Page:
Office Actions rejecting claims as being indefinite
Patent claims must follow certain rigid rules in terms of format and language. For this reason, claims will often read like a foreign language because the grammar and structure seem a bit off.
The good news is that, in most cases, indefiniteness under Section 112 may be resolved by a fairly simple response correcting whatever objections raised by the examiner. Here are some of the more common types of rejections under Section 112.
Section 112 rejections are often regarded as “non-substantive” by patent practitioners because they typically relate to the form, and not the substance, of the claims. Correcting a section 112 rejection is fairly straightforward in most cases.
Claiming subject matter not described in the specification
35 USC § 112(a) is often cited to reject certain claimed features that are not disclosed in the specification. Generally, a feature must be shown in the drawing in order to be eligible for claiming [see MPEP § 608.02(d)]. Conventional features that are not essential for a proper understanding of the invention may be illustrated in the figures in the form of a graphical symbol or labeled representation (e.g., a labeled rectangular box).
If the features are insignificant, a less expensive amendment would be to simply remove the objectionable features from the claims. If the significant features were originally disclosed in the written specification, it may be possible to amend the drawings to include a graphical symbol or labeled representation on the grounds that such amended drawings do not add new matter, but simply clarify what was originally discussed in the written specification.
If the features are significant and arguably supported in the specification, an argument may be required to explain why the claimed features were adequately described in the specification.
Keep in mind that amendments should not introduce any new matter. Therefore, applicants must walk a fine line between making certain amendments while avoiding the introduction of new matter.
Lack of antecedent basis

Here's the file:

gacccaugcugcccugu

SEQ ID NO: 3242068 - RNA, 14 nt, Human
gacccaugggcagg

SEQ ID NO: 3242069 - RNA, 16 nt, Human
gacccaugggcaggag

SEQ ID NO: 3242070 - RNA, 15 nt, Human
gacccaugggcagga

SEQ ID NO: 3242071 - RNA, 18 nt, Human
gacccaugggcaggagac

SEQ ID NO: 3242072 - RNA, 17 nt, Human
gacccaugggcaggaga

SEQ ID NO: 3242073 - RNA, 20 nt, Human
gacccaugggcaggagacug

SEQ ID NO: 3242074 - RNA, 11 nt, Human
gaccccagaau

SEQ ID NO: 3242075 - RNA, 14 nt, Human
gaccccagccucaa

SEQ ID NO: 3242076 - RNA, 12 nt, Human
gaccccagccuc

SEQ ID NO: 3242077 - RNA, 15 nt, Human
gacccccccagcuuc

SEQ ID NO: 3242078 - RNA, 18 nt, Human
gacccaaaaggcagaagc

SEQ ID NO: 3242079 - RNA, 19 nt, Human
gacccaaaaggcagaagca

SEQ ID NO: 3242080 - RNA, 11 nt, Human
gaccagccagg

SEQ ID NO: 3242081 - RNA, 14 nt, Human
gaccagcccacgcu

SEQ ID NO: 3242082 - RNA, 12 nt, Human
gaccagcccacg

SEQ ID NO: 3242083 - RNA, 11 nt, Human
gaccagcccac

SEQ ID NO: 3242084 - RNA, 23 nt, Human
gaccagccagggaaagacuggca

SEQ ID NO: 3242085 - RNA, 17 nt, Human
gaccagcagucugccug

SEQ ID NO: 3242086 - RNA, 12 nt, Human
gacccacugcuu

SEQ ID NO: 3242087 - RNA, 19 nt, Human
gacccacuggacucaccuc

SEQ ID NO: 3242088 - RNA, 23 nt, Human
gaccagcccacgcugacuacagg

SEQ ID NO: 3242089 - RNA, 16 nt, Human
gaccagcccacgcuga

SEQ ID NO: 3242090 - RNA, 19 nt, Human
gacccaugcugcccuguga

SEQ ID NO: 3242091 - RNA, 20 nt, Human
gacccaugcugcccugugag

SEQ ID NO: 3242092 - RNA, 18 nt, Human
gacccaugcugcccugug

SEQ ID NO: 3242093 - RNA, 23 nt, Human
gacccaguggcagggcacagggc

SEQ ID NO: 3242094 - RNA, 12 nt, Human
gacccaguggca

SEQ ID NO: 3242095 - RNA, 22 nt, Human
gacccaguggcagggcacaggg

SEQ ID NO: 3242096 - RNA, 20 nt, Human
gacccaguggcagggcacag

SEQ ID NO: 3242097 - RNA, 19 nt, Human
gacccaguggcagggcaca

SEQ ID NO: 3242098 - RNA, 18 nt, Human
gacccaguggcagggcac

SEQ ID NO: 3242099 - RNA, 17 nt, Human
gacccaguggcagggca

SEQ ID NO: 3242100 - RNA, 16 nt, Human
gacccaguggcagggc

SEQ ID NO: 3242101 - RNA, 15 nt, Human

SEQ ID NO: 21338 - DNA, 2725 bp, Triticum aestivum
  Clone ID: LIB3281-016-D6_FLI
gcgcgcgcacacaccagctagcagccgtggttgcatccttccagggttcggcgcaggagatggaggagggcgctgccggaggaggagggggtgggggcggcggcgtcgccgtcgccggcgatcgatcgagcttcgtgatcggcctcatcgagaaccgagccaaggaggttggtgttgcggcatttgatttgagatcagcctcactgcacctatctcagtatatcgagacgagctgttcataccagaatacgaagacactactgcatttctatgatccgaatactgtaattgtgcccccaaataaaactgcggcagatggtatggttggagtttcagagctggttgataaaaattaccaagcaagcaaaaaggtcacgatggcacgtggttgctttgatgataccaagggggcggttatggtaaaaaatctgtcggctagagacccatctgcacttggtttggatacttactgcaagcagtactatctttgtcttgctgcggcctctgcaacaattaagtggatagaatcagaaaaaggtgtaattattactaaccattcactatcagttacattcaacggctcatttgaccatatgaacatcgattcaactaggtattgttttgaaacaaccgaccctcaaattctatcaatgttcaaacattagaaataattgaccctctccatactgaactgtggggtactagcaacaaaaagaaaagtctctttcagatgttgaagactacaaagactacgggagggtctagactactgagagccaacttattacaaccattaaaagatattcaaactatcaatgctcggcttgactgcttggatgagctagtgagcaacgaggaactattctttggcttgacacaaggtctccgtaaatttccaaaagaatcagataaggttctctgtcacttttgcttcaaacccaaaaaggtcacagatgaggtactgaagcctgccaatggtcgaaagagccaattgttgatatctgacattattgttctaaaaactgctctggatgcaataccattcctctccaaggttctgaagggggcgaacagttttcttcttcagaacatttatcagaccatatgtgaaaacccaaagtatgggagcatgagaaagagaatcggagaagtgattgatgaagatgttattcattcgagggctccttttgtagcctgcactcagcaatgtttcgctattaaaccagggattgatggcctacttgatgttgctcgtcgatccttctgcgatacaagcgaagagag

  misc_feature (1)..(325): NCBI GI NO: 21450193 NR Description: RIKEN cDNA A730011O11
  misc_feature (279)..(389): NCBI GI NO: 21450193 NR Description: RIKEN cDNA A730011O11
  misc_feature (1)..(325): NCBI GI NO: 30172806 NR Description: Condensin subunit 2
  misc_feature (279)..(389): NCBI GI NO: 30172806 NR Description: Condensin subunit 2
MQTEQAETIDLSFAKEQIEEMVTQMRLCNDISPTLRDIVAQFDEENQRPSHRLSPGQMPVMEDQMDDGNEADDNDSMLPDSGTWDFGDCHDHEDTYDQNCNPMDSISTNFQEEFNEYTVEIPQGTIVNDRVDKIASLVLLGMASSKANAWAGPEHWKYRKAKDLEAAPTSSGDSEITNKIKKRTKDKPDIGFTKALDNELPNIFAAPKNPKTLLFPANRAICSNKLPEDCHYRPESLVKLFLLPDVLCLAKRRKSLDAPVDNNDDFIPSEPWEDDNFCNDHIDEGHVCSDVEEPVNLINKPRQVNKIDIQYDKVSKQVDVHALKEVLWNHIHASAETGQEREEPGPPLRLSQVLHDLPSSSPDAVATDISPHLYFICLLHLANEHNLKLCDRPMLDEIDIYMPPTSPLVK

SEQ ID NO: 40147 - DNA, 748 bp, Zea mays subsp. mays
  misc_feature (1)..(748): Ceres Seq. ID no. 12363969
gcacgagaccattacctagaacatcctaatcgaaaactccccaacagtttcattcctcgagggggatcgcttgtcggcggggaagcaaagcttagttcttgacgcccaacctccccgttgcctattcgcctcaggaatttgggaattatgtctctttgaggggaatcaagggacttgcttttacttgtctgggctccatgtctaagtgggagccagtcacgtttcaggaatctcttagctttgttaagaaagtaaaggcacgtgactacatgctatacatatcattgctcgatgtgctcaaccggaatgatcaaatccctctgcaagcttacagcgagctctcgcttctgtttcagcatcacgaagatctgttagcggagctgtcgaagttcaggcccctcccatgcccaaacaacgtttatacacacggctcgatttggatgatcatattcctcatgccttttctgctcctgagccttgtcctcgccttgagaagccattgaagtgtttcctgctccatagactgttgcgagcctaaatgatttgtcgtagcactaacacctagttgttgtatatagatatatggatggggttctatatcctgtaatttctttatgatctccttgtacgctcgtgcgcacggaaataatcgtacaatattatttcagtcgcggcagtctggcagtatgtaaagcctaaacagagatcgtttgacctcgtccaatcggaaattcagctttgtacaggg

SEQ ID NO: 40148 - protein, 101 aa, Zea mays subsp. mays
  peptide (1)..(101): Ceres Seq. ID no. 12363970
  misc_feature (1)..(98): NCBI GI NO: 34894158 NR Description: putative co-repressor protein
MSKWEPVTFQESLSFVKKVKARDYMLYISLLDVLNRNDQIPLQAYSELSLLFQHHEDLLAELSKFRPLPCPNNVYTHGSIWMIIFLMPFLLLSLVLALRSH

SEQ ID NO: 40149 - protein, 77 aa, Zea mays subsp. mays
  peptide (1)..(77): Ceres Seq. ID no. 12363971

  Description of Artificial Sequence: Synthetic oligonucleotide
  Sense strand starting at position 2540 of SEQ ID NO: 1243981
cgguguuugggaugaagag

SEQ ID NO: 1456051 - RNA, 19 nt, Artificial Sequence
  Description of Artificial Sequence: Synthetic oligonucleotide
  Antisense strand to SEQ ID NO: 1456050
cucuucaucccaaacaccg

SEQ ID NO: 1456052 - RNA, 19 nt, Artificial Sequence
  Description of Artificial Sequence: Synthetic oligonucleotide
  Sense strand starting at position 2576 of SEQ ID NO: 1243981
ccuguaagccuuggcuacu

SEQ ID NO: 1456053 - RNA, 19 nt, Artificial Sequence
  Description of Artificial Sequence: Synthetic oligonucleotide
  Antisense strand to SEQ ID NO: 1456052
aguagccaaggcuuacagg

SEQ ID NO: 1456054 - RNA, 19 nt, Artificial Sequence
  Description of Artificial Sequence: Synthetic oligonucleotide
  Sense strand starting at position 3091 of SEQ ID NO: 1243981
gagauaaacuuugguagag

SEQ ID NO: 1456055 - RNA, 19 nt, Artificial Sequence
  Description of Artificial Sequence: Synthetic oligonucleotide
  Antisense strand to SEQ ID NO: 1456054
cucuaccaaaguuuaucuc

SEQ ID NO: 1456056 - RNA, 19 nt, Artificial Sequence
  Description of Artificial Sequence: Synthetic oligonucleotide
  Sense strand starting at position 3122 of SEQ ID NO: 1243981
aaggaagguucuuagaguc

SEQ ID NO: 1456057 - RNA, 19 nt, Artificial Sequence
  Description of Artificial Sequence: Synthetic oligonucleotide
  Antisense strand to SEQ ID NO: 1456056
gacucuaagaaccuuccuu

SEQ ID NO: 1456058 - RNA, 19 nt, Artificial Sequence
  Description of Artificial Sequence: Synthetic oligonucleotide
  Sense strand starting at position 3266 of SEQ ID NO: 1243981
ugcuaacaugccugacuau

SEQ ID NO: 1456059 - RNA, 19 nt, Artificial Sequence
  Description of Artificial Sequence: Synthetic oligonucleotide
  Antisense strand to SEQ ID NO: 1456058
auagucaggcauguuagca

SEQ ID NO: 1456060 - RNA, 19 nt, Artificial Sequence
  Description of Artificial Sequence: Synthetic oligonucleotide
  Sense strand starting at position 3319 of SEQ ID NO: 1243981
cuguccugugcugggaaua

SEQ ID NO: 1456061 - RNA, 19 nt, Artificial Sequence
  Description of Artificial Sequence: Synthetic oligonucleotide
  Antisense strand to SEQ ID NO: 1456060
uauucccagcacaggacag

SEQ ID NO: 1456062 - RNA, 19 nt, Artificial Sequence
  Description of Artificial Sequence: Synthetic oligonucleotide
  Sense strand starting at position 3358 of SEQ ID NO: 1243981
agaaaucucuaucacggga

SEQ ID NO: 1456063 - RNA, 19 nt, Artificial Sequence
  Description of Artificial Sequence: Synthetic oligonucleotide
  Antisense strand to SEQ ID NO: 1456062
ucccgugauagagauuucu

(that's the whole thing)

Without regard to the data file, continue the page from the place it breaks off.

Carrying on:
Whenever a noun is first introduced in a claim set, the noun must be preceded by the article “a” or “an” (i.e., indefinite article). When the same noun is then repeated in the same claim or a dependent claim, the noun should then be preceded by the article “the” (i.e., definite article). objections
Unclear claim language
If the examiner is having difficulty understanding what exactly is being claimed, then a rejection may be issued under Section 112(b) along with a request for clarification. In response to such rejections, the applicant may want to clean up the claim language and provide remarks explaining the particular features being claimed.
Occasionally, examiners will specify in the Office Action what they presume a certain claim element to mean. It is incumbent on the applicant to correct any wrong presumptions on the part of the examiner.
Ideally, the claims should recite terms that are found in the specification, particularly in the detailed description of preferred embodiments. It’s not a rigid rule that each claim term must be stated verbatim in the specification so long as the concept is clearly taught. Since examiner may be subjective, it’s best to err on the side of caution and claim features that are expressly identified in the specification whenever possible.
Latest posts by Vic Lin (see all)
- Can an amendment be filed after a Notice of Allowance? - December 14, 2017
- What is Supplemental Examination? - October 16, 2017
- What is trademark abandonment? - September 26, 2017